In Their Lives
By Bob Hughes
Baritone Andrew Garland, at New York's Kaufman Music Center for the New York Festival of Song's Schubert/Beatles concert (photo by Cherylynn Tsushima)
MANY OF US have heard or seen mash-ups of songs and of movies and television shows, often to funny (and sometimes to illuminating) effect. But it's rare to attend a concert where a mash-up spanned two wildly different eras and cultural milieus and revealed haunting similarities of tone and feeling.
That happened at Schubert/Beatles, a New York Festival of Song concert in New York that paired Schubert lieder with Beatles songs. The result was ravishing.
We know how sublime Schubert lieder are when sung with feeling and simplicity. This was the case here – and the tenor Paul Appleby, the baritone Andrew Garland and the soprano Sari Gruber – all quite gifted singers – served Schubert's deceptively decorous settings superbly, with feeling and ardor and regret and melancholy and urgency.
What was surprising was how nicely the Beatles songs worked following or interspersed with the Schubert ones. Artistic director Steven Blier arranged the songs thematically, so songs of loss were combined, songs of love, songs of leaving. Associate artistic director Michael Barrett accompanied the singers on the Schubert, and Blier on the Beatles, and Blier's wonderful inventive musicianship shone in his arrangements of these now-classic songs which, in a testament to the craftsmanship of Paul McCartney, John Lennon and George Harrison, were remarkable even out of the recording studio and rearranged for the recital hall.
The program didn't list the Beatles songs – there was no need, since they're such a part of our shared cultural soundtrack. Part of the considerable joy of the program was in hearing a familiar Beatles melody following a slightly less familiar Schubert one, and seeing how they played off each other.
So Schubert's "Licht und LIebe," sung with exquisite tenderness by Sari Gruber and Paul Appleby, was followed by an instrumental version of "Blackbird," with violinist Charles Yang evoking the almost-Appalachian, Scots-Irish mourning of the famous Beatle tune from the White Album. When you can still recognize a melody that is put through such dynamic and inspired improvisational deconstruction you know how sturdy the underlying material is.
But more than that, the Beatles songs commented in stirring ways on the Schubert lieder, and vice versa, making each rendition special, memorable and quite often heartbreaking. The haunting song about John Lennon's mother, "Julia" (here with a subtly reconfigured time signature) followed Schubert's urgent "Alinde, with its search for a missing amour. Andrew Garland and Paul Appleby's "If I Fell" was a rapturous duet of love and regret, pairing nicely with "Im Frühling," which followed it and then was followed by a beautiful "Yesterday," from Appleby (with violin by Charles Yang and guitar by Theo Hoffman, both of whom also provided vocal harmonies here and there).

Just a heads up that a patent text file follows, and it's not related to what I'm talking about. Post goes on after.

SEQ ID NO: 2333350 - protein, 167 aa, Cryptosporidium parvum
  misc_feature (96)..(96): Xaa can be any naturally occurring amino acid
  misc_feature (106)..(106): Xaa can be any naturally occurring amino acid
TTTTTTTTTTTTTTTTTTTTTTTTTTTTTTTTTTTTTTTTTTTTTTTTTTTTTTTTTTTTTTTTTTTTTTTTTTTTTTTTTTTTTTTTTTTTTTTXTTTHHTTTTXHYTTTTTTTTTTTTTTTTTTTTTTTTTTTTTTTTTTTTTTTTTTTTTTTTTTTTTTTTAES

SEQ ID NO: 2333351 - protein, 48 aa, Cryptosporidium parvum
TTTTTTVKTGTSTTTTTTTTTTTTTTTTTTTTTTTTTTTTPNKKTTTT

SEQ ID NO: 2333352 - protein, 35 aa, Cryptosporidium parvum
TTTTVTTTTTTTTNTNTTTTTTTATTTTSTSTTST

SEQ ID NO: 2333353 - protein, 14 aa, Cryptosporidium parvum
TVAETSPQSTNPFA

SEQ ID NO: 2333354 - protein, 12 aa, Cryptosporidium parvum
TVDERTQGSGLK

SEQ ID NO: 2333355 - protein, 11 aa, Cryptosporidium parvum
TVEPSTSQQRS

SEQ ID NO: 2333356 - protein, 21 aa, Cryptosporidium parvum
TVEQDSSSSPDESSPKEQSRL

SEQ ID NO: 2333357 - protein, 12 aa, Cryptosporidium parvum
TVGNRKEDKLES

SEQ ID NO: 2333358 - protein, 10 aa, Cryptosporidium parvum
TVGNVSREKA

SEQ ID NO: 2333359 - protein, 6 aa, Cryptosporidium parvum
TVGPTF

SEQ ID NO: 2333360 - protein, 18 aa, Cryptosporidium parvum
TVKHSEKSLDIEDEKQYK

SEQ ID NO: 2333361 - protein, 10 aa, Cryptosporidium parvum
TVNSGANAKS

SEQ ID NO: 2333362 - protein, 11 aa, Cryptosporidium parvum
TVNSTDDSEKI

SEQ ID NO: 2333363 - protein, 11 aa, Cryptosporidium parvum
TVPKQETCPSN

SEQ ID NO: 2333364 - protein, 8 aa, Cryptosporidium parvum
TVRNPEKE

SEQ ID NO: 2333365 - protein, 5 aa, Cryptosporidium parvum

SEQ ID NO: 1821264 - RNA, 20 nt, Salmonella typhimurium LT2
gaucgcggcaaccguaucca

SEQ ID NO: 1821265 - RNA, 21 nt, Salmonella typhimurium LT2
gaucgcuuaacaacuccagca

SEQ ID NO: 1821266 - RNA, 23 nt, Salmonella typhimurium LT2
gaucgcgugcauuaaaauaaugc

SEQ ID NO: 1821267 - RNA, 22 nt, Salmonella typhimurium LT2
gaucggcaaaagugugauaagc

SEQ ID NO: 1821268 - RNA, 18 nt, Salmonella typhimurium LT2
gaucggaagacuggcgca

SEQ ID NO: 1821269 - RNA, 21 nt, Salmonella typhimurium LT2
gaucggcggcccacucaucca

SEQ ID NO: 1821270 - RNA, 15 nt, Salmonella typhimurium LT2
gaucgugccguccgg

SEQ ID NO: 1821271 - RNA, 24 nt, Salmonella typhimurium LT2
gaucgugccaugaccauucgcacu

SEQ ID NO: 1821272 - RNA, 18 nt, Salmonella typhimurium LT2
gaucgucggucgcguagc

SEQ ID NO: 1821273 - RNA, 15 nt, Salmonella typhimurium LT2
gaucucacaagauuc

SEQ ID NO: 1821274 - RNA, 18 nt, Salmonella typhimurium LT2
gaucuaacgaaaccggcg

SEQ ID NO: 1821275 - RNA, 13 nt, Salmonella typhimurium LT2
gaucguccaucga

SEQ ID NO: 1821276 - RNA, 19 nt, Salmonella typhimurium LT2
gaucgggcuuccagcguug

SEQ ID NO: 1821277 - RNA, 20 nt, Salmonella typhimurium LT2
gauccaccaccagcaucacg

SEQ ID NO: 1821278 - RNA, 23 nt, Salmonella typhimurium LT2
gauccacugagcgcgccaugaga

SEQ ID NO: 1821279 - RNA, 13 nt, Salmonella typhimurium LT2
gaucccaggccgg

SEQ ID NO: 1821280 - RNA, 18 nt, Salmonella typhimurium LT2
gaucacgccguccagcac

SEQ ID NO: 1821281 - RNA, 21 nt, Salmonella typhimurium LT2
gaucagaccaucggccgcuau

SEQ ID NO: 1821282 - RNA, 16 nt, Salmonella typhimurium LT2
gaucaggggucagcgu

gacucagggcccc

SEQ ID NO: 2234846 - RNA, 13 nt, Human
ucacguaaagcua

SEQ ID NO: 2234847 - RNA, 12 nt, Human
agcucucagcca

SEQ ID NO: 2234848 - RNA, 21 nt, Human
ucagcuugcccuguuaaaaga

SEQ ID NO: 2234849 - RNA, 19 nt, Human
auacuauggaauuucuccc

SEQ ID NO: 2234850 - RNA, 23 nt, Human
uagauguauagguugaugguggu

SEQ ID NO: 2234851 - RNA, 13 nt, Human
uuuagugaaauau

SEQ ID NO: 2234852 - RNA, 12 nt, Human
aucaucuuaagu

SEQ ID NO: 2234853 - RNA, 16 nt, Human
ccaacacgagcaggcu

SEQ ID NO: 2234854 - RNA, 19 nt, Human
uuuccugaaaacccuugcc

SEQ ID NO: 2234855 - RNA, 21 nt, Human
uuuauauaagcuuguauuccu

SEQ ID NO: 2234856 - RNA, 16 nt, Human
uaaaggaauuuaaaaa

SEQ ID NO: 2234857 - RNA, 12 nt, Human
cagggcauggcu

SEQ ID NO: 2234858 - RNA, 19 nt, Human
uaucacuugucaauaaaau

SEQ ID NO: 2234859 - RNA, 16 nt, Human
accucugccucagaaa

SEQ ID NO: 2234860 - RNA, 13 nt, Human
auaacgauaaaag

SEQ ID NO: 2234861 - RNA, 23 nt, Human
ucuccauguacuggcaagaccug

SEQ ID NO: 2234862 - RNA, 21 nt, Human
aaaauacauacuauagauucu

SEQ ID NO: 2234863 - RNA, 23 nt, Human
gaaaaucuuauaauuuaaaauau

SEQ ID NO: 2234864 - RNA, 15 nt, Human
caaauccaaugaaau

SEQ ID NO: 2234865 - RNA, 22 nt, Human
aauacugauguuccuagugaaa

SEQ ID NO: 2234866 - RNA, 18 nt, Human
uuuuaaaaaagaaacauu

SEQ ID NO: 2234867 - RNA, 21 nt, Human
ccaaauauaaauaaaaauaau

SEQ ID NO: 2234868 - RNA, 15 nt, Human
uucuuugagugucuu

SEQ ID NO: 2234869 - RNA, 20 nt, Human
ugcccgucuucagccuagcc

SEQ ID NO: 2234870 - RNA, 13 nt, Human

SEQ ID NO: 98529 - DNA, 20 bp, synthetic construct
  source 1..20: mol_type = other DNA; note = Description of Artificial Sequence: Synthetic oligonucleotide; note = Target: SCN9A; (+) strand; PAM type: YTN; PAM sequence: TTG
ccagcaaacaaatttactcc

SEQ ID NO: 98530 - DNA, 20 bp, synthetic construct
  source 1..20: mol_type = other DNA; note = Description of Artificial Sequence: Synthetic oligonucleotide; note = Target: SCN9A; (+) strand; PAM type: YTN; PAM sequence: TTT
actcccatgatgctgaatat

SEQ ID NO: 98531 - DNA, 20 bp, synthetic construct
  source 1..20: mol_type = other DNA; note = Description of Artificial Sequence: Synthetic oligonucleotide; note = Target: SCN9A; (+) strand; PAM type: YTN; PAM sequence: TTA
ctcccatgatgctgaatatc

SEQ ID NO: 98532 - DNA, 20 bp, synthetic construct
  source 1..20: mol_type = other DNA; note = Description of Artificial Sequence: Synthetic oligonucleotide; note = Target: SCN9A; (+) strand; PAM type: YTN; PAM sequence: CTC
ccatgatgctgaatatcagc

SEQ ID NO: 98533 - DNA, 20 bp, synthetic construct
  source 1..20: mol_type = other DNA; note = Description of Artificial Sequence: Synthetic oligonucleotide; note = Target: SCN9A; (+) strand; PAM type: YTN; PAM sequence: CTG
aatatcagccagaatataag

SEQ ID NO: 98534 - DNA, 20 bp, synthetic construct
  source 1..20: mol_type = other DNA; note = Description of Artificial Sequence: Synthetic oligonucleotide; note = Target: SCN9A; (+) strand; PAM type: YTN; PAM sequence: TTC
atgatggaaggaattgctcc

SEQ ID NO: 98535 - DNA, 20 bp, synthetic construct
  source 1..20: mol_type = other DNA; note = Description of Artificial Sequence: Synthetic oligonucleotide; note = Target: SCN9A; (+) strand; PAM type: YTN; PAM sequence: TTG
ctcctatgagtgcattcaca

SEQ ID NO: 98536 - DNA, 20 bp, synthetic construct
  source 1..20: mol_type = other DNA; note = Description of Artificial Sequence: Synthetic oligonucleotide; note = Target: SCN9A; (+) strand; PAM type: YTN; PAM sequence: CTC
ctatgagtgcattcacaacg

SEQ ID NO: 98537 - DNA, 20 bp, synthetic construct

What surprised us in the audience was how immediate and moving the Beatles songs were next to the Schubert. Different sorts of songs, of course – one for the homes of certain educated Viennese at the beginning of the 19th century and the others for mid-20th-century rock and roll fans – but with similar concerns.
Theo Hoffman, baritone and guitar (photo by Cherylynn Tsushima)
Perhaps most poignant, especially in light of recent events in which ordinary lives were upended by extraordinary violence, were "While My Guitar Gently Weeps," sung simply and affectingly by Sari Gruber (with accompaniment by Yang and Hoffman) and the finale, an affecting, inclusive "In My Life," sung by the company, following a tender rendition of Schubert's final song, "Die Taubenpost," by Andrew Garland.
Often, we were on the verge of tears at the beauty of it all – how entirely different composers across the centuries could touch the hearts and minds of generations of contemporary listeners who melted at major-minor, happy-sad, heartfelt and heartbroken worldviews expressed with artistry in two- and three-minute songs. A world of experience in fleeting moments of bliss.
Mash-ups should come more often to the recital hall – who knows how much more we'd pay attention to treasures from the past and near-past if we could hear how well they work together?
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